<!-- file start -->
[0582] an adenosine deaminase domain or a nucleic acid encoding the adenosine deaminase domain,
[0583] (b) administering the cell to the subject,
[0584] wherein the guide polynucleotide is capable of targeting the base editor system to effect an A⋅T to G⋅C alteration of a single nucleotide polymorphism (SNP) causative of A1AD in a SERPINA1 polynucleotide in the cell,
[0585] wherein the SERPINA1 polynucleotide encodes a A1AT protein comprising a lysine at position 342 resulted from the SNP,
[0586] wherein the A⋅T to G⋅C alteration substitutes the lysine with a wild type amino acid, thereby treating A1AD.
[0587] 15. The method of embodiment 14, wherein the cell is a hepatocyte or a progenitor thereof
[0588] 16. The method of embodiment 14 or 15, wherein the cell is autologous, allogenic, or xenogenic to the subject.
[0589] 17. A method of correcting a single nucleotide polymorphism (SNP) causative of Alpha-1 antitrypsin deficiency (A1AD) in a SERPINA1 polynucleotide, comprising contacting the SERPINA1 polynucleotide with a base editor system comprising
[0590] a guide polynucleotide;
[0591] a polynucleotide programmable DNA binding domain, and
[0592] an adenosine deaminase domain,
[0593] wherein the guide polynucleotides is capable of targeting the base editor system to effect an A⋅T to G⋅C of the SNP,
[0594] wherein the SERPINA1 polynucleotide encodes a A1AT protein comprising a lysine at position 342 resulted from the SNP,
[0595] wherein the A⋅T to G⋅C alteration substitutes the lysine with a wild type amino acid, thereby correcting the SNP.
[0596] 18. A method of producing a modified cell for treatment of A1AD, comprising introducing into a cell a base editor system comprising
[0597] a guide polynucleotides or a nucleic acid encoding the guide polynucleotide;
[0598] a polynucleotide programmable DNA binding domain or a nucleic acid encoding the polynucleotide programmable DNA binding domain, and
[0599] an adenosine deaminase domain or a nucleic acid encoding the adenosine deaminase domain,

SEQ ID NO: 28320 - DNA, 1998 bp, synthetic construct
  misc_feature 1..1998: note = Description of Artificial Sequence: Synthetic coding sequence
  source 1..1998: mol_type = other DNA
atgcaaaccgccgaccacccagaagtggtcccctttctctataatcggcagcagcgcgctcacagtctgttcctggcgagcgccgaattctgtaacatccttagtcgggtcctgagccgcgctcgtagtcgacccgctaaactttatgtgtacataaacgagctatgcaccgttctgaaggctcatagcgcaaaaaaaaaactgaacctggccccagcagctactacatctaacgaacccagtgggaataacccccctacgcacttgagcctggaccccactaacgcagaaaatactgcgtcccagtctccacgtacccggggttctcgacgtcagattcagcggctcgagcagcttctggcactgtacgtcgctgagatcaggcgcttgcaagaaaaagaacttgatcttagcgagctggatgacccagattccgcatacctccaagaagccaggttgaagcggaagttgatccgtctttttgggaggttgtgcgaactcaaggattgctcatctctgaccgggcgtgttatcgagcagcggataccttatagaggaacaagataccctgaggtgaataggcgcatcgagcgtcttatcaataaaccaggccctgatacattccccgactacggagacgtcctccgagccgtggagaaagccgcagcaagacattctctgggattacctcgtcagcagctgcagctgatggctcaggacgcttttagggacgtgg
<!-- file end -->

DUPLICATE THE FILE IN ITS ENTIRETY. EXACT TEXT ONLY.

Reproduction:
[0582] an adenosine deaminase domain or a nucleic acid encoding the adenosine deaminase domain,
[0583] (b) administering the cell to the subject,
[0584] wherein the guide polynucleotide is capable of targeting the base editor system to effect an A⋅T to G⋅C alteration of a single nucleotide polymorphism (SNP) causative of A1AD in a SERPINA1 polynucleotide in the cell,
[0585] wherein the SERPINA1 polynucleotide encodes a A1AT protein comprising a lysine at position 342 resulted from the SNP,
[0586] wherein the A⋅T to G⋅C alteration substitutes the lysine with a wild type amino acid, thereby treating A1AD.
[0587] 15. The method of embodiment 14, wherein the cell is a hepatocyte or a progenitor thereof
[0588] 16. The method of embodiment 14 or 15, wherein the cell is autologous, allogenic, or xenogenic to the subject.
[0589] 17. A method of correcting a single nucleotide polymorphism (SNP) causative of Alpha-1 antitrypsin deficiency (A1AD) in a SERPINA1 polynucleotide, comprising contacting the SERPINA1 polynucleotide with a base editor system comprising
[0590] a guide polynucleotide;
[0591] a polynucleotide programmable DNA binding domain, and
[0592] an adenosine deaminase domain,
[0593] wherein the guide polynucleotides is capable of targeting the base editor system to effect an A⋅T to G⋅C of the SNP,
[0594] wherein the SERPINA1 polynucleotide encodes a A1AT protein comprising a lysine at position 342 resulted from the SNP,
[0595] wherein the A⋅T to G⋅C alteration substitutes the lysine with a wild type amino acid, thereby correcting the SNP.
[0596] 18. A method of producing a modified cell for treatment of A1AD, comprising introducing into a cell a base editor system comprising
[0597] a guide polynucleotides or a nucleic acid encoding the guide polynucleotide;
[0598] a polynucleotide programmable DNA binding domain or a nucleic acid encoding the polynucleotide programmable DNA binding domain, and
[0599] an adenosine deaminase domain or a nucleic acid encoding the adenosine deaminase domain,

SEQ ID NO: 28320 - DNA, 1998 bp, synthetic construct
  misc_feature 1..1998: note = Description of Artificial Sequence: Synthetic coding sequence
  source 1..1998: mol_type = other DNA
atgcaaaccgccgaccacccagaagtggtcccctttctctataatcggcagcagcgcgctcacagtctgttcctggcgagcgccgaattctgtaacatccttagtcgggtcctgagccgcgctcgtagtcgacccgctaaactttatgtgtacataaacgagctatgcaccgttctgaaggctcatagcgcaaaaaaaaaactgaacctggccccagcagctactacatctaacgaacccagtgggaataacccccctacgcacttgagcctggaccccactaacgcagaaaatactgcgtcccagtctccacgtacccggggttctcgacgtcagattcagcggctcgagcagcttctggcactgtacgtcgctgagatcaggcgcttgcaagaaaaagaacttgatcttagcgagctggatgacccagattccgcatacctccaagaagccaggttgaagcggaagttgatccgtctttttgggaggttgtgcgaactcaaggattgctcatctctgaccgggcgtgttatcgagcagcggataccttatagaggaacaagataccctgaggtgaataggcgcatcgagcgtcttatcaataaaccaggccctgatacattccccgactacggagacgtcctccgagccgtggagaaagccgcagcaagacattctctgggattacctcgtcagcagctgcagctgatggctcaggacgcttttagggacgtgg